Marlow (1862)

'Two members of the YMCA accompanied by their secretary, paid a recent visit to this town. Attempts were made last year to teach the people and hold out to them the word of life in all its simplicity and sweetness and those attempts were not all together in vain. After much prayer, fervent prayer, for about nine months continually, four of us resorted thither on Saturday, the 7th of June 1862. One of the chapels having been kindly lent us by it's esteemed pastor, we commenced our labours by a special prayer meeting on Lord's day morning at 7 o'clock; this was a prelude to great and glorious results, Who could withstand a prayer meeting? The Lord himself was there. Three of our brethren preached the gospel to crowds of people in the very lowest part of the town where few had dared to preach, without opposition; but, oh, the Lord stood in the midst of the town and moved the people evidently, the Lord had resolved to save that day and he did so too. There was the prizefighter commanding silence among the people, standing up to protect the preachers of God's truth; the drunkard was there crying out, "I am a wrech, too wicked to be saved," weeping as he saw youths standing up to preach Jesus and telling what God had done for their souls. Aged men and women, fathers and mothers, whose cheeks told of threescore years of sin and vice, was seen weeping most bitterly, as they cried out, "Lord save me." The middle-aged and young were alike moved, all classes wept, we preached for two hours and with much difficulty found our way out of the crowd after being compelled to comply with the cry of the people, "come again." "Make haste and come again," which we consented to do in the afternoon.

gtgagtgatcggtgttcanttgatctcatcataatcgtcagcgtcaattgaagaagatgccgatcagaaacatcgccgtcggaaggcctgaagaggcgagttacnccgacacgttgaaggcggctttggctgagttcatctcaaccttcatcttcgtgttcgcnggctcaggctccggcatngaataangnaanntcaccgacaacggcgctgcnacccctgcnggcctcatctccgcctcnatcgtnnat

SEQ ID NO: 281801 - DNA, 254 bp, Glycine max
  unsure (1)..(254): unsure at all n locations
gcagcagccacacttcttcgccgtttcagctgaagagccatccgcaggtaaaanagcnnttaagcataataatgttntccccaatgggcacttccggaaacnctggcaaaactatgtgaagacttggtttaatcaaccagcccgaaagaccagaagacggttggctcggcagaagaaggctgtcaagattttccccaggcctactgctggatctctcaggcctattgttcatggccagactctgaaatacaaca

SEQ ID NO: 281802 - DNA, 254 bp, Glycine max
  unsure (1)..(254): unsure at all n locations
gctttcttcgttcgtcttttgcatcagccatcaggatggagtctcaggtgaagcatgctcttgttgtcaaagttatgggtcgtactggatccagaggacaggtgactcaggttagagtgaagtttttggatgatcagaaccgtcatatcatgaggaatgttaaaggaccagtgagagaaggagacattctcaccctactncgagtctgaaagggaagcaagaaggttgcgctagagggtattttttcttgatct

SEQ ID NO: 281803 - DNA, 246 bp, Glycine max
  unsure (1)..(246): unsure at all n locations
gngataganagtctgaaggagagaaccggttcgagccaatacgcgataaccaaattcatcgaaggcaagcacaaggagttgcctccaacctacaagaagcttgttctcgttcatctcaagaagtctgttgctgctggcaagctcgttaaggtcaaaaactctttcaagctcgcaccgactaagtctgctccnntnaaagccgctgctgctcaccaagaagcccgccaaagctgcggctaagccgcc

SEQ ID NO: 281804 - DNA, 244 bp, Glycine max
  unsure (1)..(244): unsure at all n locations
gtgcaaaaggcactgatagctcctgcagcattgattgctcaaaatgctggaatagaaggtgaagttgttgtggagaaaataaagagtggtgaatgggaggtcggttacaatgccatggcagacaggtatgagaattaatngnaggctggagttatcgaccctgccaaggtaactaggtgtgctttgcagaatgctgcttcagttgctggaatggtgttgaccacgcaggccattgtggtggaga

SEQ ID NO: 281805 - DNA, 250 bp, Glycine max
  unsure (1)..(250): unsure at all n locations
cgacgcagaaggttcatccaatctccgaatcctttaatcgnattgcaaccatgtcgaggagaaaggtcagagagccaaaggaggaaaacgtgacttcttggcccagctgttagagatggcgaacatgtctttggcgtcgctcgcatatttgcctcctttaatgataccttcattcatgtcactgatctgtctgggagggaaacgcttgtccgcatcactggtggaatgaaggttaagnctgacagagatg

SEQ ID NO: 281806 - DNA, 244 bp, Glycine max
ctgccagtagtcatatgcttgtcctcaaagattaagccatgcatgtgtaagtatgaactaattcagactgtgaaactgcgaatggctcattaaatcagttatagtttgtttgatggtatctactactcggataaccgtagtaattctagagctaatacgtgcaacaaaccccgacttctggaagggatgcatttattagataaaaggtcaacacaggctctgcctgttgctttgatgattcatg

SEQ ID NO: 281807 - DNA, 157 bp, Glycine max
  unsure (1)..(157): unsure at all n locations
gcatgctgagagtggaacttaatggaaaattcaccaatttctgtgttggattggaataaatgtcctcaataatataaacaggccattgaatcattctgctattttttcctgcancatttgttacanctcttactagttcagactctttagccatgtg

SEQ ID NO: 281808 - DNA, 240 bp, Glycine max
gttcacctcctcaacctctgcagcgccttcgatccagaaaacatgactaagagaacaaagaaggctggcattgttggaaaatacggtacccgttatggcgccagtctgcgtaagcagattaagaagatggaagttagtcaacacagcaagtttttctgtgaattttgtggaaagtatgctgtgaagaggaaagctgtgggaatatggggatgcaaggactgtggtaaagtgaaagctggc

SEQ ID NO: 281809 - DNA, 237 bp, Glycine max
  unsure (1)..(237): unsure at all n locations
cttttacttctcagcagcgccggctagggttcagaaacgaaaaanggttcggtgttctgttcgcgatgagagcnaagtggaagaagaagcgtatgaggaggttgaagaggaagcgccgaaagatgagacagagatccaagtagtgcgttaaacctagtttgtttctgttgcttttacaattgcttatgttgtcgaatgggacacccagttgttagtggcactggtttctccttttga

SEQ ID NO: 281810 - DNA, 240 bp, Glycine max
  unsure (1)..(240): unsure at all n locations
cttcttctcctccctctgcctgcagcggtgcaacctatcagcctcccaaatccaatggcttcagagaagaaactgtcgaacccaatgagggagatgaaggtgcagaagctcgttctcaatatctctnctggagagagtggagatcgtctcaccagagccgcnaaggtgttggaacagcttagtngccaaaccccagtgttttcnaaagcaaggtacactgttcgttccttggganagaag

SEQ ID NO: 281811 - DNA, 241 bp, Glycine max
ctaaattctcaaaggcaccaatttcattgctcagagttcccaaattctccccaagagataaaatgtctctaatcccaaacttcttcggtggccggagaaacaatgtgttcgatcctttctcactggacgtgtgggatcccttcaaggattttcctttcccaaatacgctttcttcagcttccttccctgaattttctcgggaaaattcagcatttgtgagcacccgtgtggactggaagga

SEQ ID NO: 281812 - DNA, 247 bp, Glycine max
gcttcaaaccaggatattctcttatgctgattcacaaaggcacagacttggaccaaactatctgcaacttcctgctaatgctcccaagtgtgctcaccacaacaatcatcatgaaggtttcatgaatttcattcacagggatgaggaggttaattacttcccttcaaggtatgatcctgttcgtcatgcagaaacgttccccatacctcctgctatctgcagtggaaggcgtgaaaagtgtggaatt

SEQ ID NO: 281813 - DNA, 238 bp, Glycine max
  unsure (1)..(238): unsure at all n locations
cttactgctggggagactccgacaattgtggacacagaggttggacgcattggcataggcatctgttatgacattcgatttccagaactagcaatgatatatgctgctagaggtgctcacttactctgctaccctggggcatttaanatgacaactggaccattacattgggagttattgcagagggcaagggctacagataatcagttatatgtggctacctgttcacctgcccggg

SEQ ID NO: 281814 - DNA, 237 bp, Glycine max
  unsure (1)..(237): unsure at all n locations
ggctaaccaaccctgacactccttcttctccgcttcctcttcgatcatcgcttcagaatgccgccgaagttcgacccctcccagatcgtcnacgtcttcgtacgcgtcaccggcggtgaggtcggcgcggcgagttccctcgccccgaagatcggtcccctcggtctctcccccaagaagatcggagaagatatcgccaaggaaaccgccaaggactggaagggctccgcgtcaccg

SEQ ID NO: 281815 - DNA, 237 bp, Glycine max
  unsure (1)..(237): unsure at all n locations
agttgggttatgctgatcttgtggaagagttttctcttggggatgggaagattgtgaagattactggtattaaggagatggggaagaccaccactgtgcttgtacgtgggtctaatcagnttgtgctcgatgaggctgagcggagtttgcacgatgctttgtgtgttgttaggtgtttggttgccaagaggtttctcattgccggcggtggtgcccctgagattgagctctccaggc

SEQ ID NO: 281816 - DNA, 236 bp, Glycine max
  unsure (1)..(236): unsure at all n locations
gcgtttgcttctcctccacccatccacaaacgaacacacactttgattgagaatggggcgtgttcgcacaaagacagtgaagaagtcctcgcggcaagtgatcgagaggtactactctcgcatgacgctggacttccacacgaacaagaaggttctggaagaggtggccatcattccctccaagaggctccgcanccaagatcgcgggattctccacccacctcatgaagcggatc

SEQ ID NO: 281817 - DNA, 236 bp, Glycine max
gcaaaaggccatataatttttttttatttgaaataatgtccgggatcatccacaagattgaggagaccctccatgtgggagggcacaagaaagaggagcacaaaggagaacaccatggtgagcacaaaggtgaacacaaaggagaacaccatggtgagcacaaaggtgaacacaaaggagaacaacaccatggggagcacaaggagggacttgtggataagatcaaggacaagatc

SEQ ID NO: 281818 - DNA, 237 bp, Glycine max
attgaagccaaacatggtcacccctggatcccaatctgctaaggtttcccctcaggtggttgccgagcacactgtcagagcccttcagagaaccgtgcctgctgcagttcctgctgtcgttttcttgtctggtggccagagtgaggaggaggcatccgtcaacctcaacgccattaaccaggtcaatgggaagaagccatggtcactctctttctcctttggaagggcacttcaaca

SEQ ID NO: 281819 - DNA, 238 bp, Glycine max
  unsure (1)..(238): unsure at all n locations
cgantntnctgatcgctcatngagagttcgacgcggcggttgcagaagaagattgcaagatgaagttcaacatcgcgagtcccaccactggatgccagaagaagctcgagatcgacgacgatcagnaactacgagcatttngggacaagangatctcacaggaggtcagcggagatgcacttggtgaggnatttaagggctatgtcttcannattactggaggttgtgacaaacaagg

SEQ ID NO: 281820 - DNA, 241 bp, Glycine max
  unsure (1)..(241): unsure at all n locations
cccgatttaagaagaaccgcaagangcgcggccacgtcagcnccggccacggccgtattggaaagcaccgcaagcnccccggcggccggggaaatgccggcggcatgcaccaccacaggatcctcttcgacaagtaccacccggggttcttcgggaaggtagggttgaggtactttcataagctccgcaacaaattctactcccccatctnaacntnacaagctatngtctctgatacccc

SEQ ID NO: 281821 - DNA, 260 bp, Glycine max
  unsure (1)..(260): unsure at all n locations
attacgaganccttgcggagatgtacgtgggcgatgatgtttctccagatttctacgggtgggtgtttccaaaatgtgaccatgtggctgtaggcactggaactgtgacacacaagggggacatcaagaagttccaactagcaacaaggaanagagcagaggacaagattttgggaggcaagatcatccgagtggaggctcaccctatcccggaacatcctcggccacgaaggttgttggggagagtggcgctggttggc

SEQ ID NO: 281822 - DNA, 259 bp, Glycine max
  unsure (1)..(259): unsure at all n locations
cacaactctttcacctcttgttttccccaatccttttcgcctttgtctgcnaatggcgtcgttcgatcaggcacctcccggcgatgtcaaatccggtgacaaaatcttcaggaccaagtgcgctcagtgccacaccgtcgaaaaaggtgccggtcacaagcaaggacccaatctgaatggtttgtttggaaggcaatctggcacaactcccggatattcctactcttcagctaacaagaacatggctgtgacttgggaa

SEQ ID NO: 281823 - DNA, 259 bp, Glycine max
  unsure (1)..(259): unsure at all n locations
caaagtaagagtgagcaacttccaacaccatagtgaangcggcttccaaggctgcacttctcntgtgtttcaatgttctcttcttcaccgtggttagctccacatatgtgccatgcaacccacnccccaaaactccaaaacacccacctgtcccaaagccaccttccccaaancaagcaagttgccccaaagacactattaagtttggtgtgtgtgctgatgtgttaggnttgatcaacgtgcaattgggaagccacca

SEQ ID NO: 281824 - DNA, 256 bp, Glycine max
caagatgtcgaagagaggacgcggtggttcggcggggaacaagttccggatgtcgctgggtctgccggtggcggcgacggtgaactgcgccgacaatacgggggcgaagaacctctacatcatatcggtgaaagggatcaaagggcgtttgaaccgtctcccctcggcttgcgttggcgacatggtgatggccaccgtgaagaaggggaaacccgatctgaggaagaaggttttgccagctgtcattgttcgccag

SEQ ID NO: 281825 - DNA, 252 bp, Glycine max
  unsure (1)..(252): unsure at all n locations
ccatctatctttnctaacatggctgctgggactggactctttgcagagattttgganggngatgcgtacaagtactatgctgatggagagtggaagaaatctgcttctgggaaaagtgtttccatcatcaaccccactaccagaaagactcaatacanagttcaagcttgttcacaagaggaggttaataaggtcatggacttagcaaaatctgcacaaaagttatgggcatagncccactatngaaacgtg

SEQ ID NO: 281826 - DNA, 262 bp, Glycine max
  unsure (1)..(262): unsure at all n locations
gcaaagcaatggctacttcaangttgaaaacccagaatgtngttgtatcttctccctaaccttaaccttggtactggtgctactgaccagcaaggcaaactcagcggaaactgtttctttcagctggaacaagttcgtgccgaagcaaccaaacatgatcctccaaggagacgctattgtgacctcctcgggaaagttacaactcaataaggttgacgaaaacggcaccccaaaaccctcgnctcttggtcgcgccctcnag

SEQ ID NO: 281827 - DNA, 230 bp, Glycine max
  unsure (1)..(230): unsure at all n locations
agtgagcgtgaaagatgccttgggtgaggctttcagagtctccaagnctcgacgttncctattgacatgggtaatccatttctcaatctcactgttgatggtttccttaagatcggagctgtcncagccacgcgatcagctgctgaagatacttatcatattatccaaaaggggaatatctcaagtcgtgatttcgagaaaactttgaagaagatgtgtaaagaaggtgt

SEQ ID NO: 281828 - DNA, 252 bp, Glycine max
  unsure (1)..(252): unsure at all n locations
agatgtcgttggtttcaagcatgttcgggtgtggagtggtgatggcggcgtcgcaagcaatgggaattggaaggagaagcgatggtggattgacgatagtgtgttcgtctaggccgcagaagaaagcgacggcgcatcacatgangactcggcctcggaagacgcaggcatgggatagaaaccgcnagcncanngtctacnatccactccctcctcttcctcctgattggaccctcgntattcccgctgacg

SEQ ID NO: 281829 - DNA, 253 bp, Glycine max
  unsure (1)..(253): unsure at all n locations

During this time a service was being held in one of the chapels, lent for the occasion, where the Lord's power and presence were most evident, the preacher spoke with manifest power of the spirit of God; he preached from the words, "the cross of Christ;" "is it nothing to you all yethat pass by? Behold, and see if there be any sorrow like unto my sorrow, where with the Lord hath afflicted me in the day of his fierce anger." After retiring for a refreshment, we resumed our labours in the school room of the chapel in the afternoon, Where we addressed the parents, teachers and children, with most blessed and glorious results. After which we retired to the place where we preached in the morning,e according to promise and they're the Lord was evidently waiting to bless – throngs of people had again assembled to see the great sight, they said, "we never saw it after this fashion before." A solemn silence pervaded the meeting for two hours.

In the evening, after the service in the chapel, we preached on the green (Where five ways meet) to people flocking in all directions and there the people wept allowed. Parents asked us to speak to their sons, many of whom were deeply anxious to apprehend the truth.

Monday ninth. Instead of making this day a holiday as usual, we met in the morning at 7 o'clock for prayer in the chapel, which was well attended and an address delivered from the words, "where is Abel they brother? The voice of the brothers blood crieth unto me from the ground." This was a touching and impressive appeal to the hearts of the Lord's people, to labour for the souls of sinners. About 10:30 seven of us visited a dear Christian mother, who had been bedridden for 17 years; there we met and prayed and sang, while the afflicted one's countenance beamed with heavenly joy; this was indeed a festive season to us all, the place seems like a little heaven below. In the evening about 300 sat down to tea, after which a meeting was convened in the chapel, presided over by Reverend Talieson Davies of Woburn; here again the Lord was mightily present in our midst, every heart was moved many sobbed and wept aloud as the riches of Jesus were being unfolded before them. We retired again to the green to take our farewell of the people, we preached from the words, "farewell, the time of our departure is at hand," and closed the solemn services, ever to be remembered, by singing – "guide me, O thou great Jehovah," "Let  the people praise, oh God; that all the trees of the field clap their hands."

'The Revival', Vol 6, 26th June, 1862, pages 244/5.

Additional Information

I assume one of the meetings was here.

Related Wells